Third Way Archive
How One Church Faced a Gun Threat
By Chuck McKnight Pastor Larry Wright was leading a New Year’s Eve prayer service in a downtown Fayetteville, N.C., church when a man entered the building armed with a semi-automatic assault rifle. We know how these stories end. People die. Loved ones grieve. Social media becomes outraged. And then nothing changes. We wait for the story to repeat. But this time, the story went a bit differently. The man walked in with his gun in one hand and an ammo clip in the other. Pastor Wright says he was unsure whether the man had a round chambered in the rifle. […]
Pedaling for Peace
By Rachel Bergen , Young Voices Co-editor, Canadian Mennonite “In Canada, the picture we have of refugees is people from the other side of the planet coming here where it’s safe. Often [as refugees] they’re only 43 kilometres from their original home,” Rachel Regier says, who earlier this summer helped organize the first-ever Pedal for Peace in Saskatchewan. “That distance is keeping them from the life they would live if they could just be back home.” Before they ate their fill of rollkuchen, watermelon, farmer’s sausage and other traditional Mennonite food, a group of Saskatchewan Mennonites, inspired by this vision […]
Conscientious objection in Colombia and South Korea
By SunJu Lee Recently I had the privilege of meeting a group of women from Colombia who work with conscientious objectors in their country. The organization, Justapaz, works with the Mennonite Church of Colombia from an Anabaptist perspective, alongside other churches and social organizations. They support young men at different stages of the conscientious objection process if they are detained, imprisoned or if their cases go to court. In Colombia the duration of military service depends on the person’s educational degree and family social status, favoring the wealthy and well-educated. While the law requires two years of service, others have […]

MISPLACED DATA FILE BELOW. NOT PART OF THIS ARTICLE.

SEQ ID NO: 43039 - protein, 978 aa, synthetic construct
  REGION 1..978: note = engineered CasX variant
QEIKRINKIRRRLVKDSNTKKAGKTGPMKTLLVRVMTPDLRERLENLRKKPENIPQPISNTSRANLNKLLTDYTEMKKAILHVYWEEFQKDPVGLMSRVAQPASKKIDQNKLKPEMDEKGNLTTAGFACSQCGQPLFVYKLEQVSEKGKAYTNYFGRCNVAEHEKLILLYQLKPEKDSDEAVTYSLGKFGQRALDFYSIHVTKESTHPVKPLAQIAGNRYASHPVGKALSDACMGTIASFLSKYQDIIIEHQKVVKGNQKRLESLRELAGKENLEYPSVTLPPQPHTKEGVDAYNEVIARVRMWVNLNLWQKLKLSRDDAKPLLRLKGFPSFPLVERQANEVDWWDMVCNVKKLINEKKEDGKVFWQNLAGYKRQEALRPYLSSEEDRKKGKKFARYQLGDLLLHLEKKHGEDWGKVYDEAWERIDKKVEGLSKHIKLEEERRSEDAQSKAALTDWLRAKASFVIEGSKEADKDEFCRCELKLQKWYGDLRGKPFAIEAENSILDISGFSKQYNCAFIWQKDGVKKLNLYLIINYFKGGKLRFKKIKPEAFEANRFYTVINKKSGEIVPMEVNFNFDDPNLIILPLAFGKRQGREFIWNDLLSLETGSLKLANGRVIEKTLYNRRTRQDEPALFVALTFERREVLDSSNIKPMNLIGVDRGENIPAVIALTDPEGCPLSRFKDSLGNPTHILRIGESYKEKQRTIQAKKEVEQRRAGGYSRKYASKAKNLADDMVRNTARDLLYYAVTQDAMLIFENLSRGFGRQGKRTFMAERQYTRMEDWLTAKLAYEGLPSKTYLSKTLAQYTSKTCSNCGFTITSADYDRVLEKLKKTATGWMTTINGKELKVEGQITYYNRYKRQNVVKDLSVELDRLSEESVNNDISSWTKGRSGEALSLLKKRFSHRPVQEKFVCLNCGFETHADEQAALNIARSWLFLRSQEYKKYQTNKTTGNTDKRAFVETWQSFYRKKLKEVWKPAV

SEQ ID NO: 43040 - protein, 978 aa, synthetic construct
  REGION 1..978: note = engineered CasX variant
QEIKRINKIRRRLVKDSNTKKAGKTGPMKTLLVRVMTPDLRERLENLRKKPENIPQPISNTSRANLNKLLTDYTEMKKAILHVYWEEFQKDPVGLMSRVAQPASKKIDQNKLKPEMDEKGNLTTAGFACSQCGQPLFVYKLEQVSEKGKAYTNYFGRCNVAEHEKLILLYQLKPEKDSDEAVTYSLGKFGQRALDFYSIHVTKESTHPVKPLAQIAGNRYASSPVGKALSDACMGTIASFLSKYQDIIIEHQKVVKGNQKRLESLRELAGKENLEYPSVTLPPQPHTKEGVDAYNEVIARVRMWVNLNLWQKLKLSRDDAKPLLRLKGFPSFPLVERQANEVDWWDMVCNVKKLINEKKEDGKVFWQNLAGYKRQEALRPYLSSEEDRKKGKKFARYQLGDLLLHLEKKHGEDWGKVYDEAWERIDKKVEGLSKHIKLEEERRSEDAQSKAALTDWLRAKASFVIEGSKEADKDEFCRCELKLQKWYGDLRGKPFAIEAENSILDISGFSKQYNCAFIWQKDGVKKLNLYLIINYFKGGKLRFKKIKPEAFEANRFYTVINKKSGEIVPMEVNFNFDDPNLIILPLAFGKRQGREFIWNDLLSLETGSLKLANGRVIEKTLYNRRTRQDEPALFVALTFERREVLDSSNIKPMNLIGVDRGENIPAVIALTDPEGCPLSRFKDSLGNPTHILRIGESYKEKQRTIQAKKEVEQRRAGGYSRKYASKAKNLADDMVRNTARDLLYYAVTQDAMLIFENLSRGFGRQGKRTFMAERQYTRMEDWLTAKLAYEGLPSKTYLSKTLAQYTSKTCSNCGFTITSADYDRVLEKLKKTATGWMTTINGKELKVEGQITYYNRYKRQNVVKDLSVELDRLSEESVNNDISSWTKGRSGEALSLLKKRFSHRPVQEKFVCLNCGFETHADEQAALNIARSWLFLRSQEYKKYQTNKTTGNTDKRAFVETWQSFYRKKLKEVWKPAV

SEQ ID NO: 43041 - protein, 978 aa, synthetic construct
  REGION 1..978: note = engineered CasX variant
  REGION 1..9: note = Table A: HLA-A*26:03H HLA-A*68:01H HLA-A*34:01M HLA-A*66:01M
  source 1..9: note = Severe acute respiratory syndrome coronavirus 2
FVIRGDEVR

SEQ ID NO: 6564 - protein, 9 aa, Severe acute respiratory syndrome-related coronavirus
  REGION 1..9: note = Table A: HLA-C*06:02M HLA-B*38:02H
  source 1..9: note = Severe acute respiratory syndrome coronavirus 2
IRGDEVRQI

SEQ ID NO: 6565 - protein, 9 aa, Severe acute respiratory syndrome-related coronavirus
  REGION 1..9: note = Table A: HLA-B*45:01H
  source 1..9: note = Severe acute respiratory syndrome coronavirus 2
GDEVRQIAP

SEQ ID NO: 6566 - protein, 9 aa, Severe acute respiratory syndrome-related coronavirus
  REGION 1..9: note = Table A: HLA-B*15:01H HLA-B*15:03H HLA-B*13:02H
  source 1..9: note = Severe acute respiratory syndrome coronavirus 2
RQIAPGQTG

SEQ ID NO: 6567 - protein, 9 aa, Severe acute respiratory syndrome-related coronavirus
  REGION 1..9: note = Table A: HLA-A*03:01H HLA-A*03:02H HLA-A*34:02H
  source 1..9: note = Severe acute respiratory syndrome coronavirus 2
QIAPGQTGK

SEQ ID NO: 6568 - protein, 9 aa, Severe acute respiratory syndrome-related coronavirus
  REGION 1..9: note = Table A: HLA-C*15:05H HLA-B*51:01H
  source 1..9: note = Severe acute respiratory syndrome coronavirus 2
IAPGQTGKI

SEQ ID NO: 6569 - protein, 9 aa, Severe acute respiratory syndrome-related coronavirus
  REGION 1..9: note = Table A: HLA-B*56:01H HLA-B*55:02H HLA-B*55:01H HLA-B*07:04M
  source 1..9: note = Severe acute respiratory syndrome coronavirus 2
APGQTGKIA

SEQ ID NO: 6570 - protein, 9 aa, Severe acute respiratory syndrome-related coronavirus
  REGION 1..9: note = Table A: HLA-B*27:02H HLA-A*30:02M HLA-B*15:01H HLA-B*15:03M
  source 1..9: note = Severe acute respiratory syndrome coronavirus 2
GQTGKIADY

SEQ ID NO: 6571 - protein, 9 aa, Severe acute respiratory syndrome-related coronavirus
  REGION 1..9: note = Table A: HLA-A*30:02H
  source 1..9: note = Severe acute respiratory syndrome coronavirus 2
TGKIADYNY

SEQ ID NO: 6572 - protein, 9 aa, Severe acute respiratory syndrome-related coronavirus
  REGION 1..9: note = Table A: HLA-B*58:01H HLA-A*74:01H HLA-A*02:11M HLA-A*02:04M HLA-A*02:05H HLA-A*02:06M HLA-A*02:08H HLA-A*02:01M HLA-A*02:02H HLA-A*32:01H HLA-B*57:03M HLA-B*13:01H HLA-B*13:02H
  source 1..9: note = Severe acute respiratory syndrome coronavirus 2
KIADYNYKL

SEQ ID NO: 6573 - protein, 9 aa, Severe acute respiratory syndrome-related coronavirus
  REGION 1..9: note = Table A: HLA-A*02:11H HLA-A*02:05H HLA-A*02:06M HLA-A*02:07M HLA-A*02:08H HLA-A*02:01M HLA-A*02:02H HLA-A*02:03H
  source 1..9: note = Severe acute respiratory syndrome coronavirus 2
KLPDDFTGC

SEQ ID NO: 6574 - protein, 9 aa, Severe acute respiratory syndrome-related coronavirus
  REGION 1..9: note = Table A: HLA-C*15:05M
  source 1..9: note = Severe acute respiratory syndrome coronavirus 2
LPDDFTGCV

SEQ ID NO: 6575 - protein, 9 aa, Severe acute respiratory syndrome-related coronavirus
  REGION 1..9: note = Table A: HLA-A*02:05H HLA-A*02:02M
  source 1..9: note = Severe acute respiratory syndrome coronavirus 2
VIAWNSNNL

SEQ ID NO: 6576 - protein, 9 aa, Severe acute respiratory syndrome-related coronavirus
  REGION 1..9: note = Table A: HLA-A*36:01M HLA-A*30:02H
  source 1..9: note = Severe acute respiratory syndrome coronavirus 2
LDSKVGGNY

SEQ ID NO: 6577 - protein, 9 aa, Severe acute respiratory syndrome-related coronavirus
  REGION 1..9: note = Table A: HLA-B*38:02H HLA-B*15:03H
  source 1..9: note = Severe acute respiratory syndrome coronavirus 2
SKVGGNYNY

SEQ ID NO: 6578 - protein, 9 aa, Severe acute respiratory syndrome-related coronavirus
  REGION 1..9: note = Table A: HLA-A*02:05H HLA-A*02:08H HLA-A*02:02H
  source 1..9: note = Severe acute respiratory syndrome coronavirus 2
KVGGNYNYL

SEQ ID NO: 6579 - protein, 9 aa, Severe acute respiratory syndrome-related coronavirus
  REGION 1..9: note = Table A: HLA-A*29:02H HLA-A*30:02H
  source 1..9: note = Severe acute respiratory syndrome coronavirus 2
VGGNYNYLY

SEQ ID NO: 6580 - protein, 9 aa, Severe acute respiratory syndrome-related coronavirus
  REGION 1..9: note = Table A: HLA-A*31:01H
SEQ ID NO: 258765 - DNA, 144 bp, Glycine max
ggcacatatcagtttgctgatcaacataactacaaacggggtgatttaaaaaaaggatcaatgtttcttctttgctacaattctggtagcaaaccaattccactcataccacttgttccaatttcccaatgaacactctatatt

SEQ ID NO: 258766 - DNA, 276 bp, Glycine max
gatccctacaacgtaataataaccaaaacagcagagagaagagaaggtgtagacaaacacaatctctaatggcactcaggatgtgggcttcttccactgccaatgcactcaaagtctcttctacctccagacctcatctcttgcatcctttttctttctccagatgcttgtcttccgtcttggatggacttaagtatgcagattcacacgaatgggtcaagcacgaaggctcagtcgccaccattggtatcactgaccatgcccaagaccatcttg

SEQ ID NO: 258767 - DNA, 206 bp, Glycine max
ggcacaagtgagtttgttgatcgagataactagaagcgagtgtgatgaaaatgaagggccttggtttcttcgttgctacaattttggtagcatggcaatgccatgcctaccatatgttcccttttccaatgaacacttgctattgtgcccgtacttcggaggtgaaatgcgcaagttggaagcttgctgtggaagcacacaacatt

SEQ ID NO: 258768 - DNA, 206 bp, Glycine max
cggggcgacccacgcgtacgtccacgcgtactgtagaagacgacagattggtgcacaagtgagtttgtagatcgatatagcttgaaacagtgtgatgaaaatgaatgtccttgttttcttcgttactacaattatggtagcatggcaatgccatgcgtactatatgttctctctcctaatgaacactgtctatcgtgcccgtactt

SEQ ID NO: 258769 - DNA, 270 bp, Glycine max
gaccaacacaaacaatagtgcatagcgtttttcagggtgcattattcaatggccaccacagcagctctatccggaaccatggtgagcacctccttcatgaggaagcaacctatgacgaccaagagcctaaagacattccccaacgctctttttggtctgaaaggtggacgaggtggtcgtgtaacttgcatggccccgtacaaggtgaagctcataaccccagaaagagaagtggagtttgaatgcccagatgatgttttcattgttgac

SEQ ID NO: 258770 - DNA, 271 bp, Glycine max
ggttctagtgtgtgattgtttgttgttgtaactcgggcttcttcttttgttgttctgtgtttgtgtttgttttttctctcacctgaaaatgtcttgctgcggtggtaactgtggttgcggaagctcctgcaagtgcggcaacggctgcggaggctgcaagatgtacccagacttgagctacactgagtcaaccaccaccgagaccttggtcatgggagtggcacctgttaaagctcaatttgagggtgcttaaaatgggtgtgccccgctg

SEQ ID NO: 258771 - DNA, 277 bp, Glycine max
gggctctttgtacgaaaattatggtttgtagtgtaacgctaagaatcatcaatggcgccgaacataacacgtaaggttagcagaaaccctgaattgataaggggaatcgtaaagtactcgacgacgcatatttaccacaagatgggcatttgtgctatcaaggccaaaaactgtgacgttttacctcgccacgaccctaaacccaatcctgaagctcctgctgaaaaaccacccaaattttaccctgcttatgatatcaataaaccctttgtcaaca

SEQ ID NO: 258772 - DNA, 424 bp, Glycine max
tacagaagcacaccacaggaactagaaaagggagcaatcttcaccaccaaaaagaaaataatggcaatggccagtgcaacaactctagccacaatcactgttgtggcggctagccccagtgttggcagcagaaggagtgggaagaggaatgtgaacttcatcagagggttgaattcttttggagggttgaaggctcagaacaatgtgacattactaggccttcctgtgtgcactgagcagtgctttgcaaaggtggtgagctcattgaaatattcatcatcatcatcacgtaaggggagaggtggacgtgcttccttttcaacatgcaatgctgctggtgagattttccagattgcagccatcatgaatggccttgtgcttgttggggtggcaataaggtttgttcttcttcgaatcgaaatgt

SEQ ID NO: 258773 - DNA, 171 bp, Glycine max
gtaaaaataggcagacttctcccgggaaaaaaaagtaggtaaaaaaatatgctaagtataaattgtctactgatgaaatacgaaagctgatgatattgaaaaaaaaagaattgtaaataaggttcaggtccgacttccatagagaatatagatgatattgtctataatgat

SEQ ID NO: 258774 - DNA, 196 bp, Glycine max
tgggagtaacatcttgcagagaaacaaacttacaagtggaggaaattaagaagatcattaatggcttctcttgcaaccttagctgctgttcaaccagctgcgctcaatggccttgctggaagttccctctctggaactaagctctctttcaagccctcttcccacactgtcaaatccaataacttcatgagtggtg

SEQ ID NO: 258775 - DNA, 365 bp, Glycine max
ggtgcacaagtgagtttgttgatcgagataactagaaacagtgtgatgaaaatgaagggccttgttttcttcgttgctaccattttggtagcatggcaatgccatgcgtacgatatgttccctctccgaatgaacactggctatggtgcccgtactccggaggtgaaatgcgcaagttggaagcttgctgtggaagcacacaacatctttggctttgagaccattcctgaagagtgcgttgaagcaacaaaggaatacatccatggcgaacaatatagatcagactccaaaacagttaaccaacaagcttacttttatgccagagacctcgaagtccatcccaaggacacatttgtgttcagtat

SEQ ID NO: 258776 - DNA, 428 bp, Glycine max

Benedict and the Corn Thief
Story as retold by Calvin Redekop This is a true story about a 19th century Amish-Mennonite farmer living with his family in Western Maryland. Benedict Miller had the reputation of a peacemaker. Some of his methods were both ingenious and humorous. The story of Benedict and a corn thief has been handed down seven generations in the Miller family. Benedict had a corn crib in his spring house loft with a ladder-stairway leading to it. One day he began to notice that corn was missing in his corn crib. Day after day, things grew worse, and finally Benedict decided to set […]
Waiting for rain
By M. Mumpande, T. Ngoma, and F. Ncube They will be called oaks of righteousness, the planting of the Lord, to display his glory. They shall build up the ancient ruins, they shall raise up the former devastations; they shall repair the ruined cities, the devastations of many generations. (Isaiah 61:3b-4) As in many vulnerable communities worldwide, farmers nervously await the rainy season each year in Binga District in Matabeleland North Province, Zimbabwe. When rains are sparse farmers are forced to plant several times. Normally, the rainy season starts in November. But in recent years, the heavy rain has not come […]
Responding to Violence with Violence
It is too easy to jump from beheadings to a justification of U.S. military actions against the Islamic State group in Iraq and Syria.
Watching Moore forget a dinner date in her early stages, making a video for her future self to find one day, or struggling to locate the bathroom in her vacation home, we see how the disease plays out.
In the Grip of Denial
The vote on the Senate floor last month was a first step. Still, too many members of Congress are content to deny the impact of human activity on our climate and do nothing.
The true cost of war
In each of the past three years, more active military personnel have lost their lives to suicide than were killed in combat in Afghanistan.